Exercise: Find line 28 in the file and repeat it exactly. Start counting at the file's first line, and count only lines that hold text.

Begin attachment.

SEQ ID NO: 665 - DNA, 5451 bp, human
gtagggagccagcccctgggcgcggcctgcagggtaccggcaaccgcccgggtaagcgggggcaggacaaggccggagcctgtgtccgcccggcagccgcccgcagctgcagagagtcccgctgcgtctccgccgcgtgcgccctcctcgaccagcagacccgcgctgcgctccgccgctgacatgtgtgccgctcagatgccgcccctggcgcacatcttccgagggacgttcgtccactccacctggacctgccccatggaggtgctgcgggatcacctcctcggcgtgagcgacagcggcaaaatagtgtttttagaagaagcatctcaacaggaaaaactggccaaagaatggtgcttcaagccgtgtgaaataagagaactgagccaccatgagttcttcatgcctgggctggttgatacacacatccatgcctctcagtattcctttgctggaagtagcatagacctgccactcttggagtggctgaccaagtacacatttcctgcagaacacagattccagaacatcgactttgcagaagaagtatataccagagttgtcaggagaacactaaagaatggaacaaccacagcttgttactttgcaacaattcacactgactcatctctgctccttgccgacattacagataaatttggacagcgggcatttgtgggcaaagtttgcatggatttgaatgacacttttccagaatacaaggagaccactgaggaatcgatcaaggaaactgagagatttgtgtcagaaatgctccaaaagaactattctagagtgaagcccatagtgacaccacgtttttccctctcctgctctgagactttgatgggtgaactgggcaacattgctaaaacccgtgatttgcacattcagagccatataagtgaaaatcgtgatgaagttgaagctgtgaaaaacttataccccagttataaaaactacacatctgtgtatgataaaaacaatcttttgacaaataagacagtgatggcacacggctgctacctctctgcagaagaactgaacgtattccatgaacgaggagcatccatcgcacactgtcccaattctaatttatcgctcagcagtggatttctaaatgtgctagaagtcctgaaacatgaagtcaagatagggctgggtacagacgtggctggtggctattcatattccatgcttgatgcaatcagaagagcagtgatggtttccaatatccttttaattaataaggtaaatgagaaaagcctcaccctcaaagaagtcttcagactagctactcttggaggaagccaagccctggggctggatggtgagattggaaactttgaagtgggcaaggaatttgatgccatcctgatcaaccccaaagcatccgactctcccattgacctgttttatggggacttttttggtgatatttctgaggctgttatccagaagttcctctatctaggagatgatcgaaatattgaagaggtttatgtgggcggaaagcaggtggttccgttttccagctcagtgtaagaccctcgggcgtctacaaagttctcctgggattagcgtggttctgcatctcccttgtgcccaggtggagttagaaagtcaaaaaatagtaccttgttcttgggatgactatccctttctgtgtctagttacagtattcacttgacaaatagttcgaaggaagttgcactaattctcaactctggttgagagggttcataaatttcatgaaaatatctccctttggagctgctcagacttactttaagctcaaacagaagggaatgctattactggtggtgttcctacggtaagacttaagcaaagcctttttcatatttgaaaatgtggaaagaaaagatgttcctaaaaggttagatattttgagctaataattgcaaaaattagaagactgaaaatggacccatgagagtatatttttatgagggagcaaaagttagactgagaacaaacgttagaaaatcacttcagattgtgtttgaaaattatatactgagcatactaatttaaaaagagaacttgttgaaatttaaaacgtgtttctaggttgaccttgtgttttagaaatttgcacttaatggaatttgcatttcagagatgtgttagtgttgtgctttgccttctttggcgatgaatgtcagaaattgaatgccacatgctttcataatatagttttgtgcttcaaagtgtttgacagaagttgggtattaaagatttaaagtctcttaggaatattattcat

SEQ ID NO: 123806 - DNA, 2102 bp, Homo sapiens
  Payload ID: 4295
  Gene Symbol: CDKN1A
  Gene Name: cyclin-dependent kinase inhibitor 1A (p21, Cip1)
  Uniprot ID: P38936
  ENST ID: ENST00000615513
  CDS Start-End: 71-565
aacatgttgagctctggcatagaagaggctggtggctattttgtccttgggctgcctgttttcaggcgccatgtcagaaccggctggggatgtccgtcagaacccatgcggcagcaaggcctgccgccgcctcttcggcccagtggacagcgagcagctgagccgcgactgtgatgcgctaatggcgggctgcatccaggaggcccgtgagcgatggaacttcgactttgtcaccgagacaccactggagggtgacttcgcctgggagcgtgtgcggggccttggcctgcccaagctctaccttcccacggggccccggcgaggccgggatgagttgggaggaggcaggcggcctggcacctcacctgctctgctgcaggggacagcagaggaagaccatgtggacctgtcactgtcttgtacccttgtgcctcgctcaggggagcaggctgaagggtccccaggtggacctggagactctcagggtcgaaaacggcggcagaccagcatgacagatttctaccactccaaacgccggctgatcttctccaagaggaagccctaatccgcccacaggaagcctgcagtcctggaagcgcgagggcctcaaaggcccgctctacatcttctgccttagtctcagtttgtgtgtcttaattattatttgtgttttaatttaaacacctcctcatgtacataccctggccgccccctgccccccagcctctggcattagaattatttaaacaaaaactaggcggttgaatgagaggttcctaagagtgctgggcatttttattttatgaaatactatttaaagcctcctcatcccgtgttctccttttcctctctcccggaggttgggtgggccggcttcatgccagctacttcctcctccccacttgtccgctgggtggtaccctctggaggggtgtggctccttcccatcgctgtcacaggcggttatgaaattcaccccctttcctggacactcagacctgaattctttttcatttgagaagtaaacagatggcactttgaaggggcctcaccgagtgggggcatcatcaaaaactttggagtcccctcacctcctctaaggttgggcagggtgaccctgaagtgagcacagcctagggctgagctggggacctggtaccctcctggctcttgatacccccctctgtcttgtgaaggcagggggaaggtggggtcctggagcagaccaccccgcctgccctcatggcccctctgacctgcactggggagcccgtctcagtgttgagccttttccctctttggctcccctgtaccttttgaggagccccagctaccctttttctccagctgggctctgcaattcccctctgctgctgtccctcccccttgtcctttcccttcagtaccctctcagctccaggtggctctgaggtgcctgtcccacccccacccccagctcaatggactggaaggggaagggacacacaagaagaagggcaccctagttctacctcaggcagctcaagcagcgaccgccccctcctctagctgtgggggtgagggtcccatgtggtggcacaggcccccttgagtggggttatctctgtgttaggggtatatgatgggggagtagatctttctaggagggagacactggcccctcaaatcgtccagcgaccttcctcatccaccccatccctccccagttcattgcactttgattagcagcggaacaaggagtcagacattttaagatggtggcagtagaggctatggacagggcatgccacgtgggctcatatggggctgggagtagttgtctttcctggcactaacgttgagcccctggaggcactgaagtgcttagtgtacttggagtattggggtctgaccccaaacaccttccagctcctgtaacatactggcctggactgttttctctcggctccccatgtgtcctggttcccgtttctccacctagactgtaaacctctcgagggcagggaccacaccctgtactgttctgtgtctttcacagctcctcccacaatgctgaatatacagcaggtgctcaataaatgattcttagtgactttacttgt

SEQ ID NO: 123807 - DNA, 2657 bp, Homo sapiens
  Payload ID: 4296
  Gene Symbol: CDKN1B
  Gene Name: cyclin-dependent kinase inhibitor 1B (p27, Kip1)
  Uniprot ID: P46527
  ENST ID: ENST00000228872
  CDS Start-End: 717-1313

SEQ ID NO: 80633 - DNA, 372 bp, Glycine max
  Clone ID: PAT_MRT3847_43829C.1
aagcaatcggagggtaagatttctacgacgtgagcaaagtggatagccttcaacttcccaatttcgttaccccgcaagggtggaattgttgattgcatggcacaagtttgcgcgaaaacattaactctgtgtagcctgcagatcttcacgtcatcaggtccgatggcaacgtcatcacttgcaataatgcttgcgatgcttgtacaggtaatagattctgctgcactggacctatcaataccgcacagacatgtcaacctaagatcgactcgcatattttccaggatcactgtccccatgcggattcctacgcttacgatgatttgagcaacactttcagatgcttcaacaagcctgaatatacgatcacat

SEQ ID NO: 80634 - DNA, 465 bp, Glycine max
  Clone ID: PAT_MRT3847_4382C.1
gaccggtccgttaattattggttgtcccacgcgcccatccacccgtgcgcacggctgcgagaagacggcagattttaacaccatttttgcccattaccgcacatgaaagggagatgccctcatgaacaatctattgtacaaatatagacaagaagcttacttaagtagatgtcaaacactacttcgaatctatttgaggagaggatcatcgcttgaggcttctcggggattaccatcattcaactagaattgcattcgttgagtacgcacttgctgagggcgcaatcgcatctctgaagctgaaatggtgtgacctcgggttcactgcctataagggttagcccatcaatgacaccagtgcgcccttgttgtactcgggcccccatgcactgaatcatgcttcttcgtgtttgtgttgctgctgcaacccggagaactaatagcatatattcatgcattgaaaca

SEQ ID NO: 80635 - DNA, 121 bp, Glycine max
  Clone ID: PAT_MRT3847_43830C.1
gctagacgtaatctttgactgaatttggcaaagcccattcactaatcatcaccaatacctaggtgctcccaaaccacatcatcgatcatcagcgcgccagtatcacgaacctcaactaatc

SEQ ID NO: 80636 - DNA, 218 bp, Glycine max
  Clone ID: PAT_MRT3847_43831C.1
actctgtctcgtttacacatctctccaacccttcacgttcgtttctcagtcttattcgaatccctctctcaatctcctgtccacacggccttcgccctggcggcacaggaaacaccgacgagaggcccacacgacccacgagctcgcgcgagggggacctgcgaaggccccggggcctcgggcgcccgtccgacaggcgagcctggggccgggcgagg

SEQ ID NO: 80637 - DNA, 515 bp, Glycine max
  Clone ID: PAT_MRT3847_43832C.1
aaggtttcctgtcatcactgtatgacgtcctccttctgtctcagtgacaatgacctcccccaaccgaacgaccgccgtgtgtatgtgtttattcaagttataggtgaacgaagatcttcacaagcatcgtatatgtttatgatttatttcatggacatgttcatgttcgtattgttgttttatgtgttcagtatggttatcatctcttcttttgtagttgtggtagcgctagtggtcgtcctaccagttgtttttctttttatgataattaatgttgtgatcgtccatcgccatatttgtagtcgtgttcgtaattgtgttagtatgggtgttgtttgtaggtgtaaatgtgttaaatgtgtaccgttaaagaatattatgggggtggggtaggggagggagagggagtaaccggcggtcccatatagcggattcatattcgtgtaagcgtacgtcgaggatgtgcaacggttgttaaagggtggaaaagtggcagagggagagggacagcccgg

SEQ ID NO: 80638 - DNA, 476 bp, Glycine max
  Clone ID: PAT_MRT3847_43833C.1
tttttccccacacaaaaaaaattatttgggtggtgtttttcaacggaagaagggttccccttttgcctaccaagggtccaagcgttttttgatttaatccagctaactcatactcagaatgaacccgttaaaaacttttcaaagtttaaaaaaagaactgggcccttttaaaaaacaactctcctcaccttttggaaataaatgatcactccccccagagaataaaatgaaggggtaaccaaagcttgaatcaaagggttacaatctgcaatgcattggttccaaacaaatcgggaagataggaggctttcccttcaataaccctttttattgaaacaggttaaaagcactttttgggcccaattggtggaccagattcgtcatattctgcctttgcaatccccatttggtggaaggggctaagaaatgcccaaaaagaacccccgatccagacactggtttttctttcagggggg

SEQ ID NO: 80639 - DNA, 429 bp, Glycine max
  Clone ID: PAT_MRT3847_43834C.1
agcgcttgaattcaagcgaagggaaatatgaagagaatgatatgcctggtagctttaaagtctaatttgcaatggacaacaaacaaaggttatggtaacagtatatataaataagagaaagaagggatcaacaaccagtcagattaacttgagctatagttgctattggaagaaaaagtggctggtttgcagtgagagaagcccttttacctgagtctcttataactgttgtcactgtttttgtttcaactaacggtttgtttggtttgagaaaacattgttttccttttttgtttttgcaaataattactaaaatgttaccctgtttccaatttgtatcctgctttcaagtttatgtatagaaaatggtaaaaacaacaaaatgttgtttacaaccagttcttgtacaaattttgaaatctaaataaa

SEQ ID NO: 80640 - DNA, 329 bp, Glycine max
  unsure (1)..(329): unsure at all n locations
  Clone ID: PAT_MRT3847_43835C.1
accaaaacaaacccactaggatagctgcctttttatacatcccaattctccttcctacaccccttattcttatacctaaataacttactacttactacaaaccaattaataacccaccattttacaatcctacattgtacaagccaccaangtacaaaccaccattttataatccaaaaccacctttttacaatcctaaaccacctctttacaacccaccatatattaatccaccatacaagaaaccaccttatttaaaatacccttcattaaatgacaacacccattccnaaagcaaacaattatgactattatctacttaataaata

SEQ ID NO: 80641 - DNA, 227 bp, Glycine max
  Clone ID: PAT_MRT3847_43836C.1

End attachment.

  Clone ID: PAT_MRT3847_43831C.1